Hodges then made the space opera Flash Gordon in 1980, having been brought on board after director Nicolas Roeg left the project. “I had no idea what I was going to do when I took over,” he told the Guardian in 2020. “I think that’s part of the success of the film. It’s like a soufflé. We managed to put in all the right ingredients and somehow it rose, in some mysterious way.

Mike Hodges on the set of Flash Gordon with actor Sam Jones. Photography: Ronald Grant

It was around this time that Hodges “rejected materialism in any excessive form”, having undergone a divorce which he said “partly came from the struggle to maintain a way of life for the family”.

“I found myself doing all the things I swore I’d never do,” he said in 2003. in every room… once all the economic pressures and worries are removed, you immediately feel freer. And then you can start making the movies you really want to make.

Related: ‘I was angry’ – Mike Hodges on his lost film Black Rainbow saved after 31 years

He directed Mickey Rourke’s 1987 thriller A Prayer for the Dying but later disowned it, saying he had no control over the editing. His 1989 film Black Rainbow, starring Rosanna Arquette as a mysterious medium who catches the eye of a reporter when she appears to be predicting a violent murder, didn’t make much impact when its distributors fell into financial trouble. “By the time I made Black Rainbow I was kind of used to it,” Hodges told the Guardian in 2020. “I was quite upset, obviously, but here we go. One of those things.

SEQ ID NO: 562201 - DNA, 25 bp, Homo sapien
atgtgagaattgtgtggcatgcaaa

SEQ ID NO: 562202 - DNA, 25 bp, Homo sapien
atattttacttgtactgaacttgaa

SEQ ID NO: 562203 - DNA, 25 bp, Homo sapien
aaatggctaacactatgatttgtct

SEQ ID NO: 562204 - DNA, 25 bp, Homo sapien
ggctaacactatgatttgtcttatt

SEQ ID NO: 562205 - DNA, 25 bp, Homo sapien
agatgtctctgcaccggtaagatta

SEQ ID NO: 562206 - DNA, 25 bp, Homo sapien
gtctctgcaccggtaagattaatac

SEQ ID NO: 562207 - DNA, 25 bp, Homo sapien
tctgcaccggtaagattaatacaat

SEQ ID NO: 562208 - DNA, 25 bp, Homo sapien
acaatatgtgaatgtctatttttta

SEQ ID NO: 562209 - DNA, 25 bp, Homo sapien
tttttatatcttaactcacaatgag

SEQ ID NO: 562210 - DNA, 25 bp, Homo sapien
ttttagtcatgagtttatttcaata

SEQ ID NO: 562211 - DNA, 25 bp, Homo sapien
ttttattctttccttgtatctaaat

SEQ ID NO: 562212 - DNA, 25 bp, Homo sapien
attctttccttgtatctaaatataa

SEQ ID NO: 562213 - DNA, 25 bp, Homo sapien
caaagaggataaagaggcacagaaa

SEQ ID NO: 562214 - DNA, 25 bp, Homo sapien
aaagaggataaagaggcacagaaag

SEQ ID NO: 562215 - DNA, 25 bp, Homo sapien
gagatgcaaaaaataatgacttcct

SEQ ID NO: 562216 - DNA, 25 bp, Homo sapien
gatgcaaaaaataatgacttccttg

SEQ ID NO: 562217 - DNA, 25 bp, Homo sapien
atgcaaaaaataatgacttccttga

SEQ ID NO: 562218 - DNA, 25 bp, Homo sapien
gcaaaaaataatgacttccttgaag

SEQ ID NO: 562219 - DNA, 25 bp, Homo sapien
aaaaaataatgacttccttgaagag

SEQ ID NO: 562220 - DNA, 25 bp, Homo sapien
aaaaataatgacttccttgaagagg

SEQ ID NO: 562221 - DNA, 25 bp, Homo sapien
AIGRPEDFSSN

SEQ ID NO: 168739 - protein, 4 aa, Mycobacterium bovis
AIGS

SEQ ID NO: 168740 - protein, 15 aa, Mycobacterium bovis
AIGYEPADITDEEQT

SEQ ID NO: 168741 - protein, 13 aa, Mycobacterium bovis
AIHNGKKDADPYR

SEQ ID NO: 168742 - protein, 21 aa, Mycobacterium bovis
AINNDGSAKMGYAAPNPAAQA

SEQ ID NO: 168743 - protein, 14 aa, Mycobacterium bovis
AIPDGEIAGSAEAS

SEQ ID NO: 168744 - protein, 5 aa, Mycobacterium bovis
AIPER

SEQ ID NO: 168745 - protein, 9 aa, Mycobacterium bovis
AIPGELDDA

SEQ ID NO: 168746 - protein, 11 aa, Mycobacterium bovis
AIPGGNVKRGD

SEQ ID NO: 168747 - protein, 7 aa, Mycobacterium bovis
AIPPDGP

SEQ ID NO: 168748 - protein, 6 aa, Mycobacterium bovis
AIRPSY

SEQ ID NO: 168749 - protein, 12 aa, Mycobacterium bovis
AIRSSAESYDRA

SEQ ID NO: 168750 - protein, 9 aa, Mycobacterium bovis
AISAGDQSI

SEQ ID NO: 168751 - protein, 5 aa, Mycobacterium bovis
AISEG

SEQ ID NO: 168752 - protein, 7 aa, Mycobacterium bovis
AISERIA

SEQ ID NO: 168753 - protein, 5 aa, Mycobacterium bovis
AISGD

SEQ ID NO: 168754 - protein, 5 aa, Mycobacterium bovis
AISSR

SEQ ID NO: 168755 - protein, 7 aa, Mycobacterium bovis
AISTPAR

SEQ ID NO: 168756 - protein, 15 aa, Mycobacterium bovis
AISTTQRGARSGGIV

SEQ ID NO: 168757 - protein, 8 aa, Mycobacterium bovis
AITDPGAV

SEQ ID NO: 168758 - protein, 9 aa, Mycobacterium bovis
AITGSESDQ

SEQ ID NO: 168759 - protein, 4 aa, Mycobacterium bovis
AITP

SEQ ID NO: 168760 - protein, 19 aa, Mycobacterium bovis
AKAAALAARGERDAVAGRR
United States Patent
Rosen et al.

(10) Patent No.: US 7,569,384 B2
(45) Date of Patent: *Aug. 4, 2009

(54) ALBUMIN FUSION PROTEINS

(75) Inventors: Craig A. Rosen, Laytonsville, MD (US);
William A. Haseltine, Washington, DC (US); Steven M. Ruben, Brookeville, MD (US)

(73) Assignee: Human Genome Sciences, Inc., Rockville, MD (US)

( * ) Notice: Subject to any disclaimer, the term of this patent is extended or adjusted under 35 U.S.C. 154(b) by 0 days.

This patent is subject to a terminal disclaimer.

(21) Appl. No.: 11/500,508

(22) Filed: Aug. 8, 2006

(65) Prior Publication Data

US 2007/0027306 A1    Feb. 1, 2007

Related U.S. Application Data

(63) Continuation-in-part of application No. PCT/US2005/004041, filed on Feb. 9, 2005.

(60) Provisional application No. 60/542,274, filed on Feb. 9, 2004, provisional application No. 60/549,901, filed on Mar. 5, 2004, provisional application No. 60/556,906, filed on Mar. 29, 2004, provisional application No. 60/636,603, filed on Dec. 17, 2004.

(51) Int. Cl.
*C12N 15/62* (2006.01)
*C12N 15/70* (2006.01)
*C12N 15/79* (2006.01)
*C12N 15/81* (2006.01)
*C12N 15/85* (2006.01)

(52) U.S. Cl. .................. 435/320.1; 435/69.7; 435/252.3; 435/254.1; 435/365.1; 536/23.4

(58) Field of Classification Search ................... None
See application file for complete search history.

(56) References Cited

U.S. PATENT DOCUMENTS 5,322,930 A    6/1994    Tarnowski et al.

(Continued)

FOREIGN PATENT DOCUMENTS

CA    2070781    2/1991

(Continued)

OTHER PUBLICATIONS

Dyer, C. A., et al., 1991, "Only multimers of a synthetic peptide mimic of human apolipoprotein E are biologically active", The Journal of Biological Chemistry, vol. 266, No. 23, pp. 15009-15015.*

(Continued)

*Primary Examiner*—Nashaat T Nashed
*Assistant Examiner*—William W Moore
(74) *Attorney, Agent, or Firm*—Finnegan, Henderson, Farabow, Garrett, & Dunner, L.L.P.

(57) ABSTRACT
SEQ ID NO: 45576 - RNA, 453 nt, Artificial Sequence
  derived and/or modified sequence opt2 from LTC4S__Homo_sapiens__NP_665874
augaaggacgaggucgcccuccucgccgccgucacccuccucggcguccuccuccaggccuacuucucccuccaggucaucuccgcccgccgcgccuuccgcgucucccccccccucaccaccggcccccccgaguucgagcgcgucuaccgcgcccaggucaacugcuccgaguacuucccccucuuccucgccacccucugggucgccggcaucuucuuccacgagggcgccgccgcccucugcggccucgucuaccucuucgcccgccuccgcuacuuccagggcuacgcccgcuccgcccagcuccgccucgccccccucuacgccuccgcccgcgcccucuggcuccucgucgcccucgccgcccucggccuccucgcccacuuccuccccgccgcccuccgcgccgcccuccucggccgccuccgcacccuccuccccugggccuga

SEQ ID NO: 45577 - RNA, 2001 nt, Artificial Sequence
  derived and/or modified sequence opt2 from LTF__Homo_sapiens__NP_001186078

His 1998 film Croupier, starring Clive Owen as a dealer in a gambling den who is then forced to rob it, bombed in the UK. Hodges thought her career was over and she decided to retire. But the film played in the US to rave reviews and its success earned it a second UK release. “You think your movie is going to the bathroom and then it freezes. And then it comes back again,” she told the Guardian in 2003.

Hodges came out of semi-retirement to reunite with Owen in his last film in 2003, I’ll Sleep When I’m Dead, with Owen playing a criminal bent on revenge after the rape of his younger brother (Jonathan Rhys Meyers) by of a London Gangster (Malcolm McDowell). The Guardian called the film “surprisingly bleak; a no-nonsense existential gangster story that, at best, exudes the same reptilian menace [Hodges] shown on Get Carter. It certainly touches on similar themes: honour, revenge, male violence».

Hodges experienced a belated burst of appreciation in the last two decades of his life, as his films that were hit with distribution problems in the 1970s and 1980s were restored and re-released. “He’s a rare character in British cinema, and I’m just glad he’s getting some recognition,” McDowell, a longtime friend of Hodges, told the Guardian in 2003. “I’m pissed it’s taken 35 years, but this is typical of England.We never realize what we have until it’s almost too damn late.

But Hodges had no plans to return to films and said in 2020 that he was happy growing vegetables in his Dorset home and writing noir novels; she published a novel, Watching The Wheels Come Off, in 2010, and a collection of short stories, titled Bait, Grist and Security, in 2018.

He is survived by his wife, Carol Laws, his children Ben and Jake, and five grandchildren, Marlon, Honey, Orson, Michael and Gabriel.

• This article was edited on December 21, 2022 to correct a misspelling of Clive Owen’s surname.